A Freedom of Information (FOI) request has found that levels of nitrogen dioxide pollution in Marlow town centre have significantly decreased since the coronavirus pandemic.

Nick Rowcliffe, who worked for Marlow Town Council as a sustainability consultant between 2020 and 2021 and volunteers for Releaf Marlow, submitted the FOI after noting a decline in air pollution levels in 2022 compared to before the COVID-19 lockdown.

The town centre was designated as an Air Quality Management Area (AQMA) in 2017 because of heavy traffic emissions exceeding the national objective for nitrous dioxide (NO2) levels.

The AQMA, which remains in place as of June 2024, covers the High Street, West Street, Spittal Street, Chapel Street and part of Little Marlow Road.

A consultancy study by Buckinghamshire Council in 2021 found the highest levels of daily traffic movements to be on Chapel Street, averaging 18,277 a day, followed by Spittal Street at 13,125. Both areas are also among the worst for NO2 pollution.

When NO2 monitoring began 11 years ago, over half of the 15 trackers in the town showed air pollution higher than the UK’s annual objective of 40 micrograms per cubic metre.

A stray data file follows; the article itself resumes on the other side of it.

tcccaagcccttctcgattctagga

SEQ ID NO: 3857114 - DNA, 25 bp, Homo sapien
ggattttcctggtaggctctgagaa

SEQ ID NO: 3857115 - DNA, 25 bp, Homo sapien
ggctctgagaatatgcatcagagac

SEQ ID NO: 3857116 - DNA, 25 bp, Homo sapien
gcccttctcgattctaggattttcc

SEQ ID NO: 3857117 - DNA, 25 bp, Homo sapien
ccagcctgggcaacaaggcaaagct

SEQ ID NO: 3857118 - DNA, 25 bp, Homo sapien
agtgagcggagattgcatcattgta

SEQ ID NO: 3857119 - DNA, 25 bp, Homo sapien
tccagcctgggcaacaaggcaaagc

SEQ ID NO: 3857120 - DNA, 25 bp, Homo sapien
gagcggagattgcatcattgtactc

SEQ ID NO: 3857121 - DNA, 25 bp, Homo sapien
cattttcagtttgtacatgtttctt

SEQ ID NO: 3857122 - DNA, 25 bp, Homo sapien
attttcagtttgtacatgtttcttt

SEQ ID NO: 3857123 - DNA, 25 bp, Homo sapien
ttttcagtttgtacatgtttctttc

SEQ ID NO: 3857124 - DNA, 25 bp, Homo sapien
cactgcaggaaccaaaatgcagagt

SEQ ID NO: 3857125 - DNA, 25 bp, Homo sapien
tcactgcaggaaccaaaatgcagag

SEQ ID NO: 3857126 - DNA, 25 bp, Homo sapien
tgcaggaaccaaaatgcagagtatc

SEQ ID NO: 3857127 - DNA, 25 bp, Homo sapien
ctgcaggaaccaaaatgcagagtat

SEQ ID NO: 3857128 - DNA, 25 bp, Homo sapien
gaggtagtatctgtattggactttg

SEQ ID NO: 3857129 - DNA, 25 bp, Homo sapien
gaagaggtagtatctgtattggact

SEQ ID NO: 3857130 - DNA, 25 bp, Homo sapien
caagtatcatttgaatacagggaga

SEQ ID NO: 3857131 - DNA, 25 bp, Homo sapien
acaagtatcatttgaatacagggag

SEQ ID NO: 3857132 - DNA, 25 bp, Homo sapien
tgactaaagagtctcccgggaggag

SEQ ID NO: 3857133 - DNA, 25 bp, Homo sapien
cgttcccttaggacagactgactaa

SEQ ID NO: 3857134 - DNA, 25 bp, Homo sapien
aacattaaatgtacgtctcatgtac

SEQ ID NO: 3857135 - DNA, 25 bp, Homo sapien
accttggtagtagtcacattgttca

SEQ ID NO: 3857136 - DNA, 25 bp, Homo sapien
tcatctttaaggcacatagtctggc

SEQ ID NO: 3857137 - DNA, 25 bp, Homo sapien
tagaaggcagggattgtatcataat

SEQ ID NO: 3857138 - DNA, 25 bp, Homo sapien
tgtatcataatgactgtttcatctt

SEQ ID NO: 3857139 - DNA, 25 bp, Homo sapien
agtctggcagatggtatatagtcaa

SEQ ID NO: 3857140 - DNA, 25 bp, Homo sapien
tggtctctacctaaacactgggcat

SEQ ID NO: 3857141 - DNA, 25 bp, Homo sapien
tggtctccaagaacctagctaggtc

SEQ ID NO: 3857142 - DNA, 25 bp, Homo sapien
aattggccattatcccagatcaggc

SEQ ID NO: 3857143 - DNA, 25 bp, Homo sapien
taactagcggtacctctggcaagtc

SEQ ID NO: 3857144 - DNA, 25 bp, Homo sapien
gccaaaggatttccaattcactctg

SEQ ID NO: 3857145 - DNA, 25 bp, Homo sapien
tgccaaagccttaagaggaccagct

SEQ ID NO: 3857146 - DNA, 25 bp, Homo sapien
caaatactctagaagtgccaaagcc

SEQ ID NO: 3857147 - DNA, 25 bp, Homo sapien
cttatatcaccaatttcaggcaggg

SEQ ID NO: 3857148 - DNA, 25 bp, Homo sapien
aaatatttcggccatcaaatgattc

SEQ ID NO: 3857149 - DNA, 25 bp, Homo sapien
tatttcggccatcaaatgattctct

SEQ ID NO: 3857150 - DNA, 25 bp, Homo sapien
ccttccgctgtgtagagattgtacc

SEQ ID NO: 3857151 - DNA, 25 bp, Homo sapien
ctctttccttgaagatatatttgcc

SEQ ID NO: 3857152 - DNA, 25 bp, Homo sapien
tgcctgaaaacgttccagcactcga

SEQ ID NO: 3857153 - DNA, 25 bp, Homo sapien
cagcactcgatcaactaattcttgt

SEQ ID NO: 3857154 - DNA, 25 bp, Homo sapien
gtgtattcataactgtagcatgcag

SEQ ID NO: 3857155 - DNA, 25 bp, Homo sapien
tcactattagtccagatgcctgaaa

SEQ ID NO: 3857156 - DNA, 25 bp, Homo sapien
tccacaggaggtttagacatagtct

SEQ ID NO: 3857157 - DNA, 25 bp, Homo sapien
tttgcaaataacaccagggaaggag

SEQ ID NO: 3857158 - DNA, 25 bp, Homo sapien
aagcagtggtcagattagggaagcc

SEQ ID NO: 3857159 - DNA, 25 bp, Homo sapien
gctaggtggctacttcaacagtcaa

In 2019, the town centre’s average NO2 levels fell to just above the national objective, at 43.7 micrograms, a number that declined by a further 25 per cent in 2020 as people around the world stayed at home and self-quarantined during the COVID-19 pandemic.

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Despite a gradual rise in 2021 and 2022, post-Covid levels stayed below the 40-microgram objective, and, according to the data in Nick’s FOI request, levels of NO2 in Marlow fell by six per cent on the previous year to 33.1 micrograms per cubic metre in 2023.

While the reason for this decrease, which signals an average drop of 2.1 micrograms per year since tracking began in 2013, is unclear, Marlow Town Council launched a ‘Clean Air Plan’ in March 2020 after describing the health risk associated with high N02 levels as “unacceptable”.

The council also stated an objective to “eliminate excess NO2 in the town centre by 2025” by promoting walking and cycling, improving street ventilation, and encouraging eco-driving, before revoking the AQMA designation thereafter.

While Nick was also unsure about the direct causes of the decline in air pollution, he suggested it could be due to an increase in “ultra-low emission vehicles” – with over 5 per cent of the cars registered in the Marlow postcode meeting the ULEV classification, well above the national average.

He described the FOI findings as an “environmental success story” for the town, suggesting that its AQMA status can now be revoked ahead of the town council’s projection, and putting it on track to meet the significantly tighter NO2 average recommended by the World Health Organisation of just 10 micrograms per cubic metre produced each year.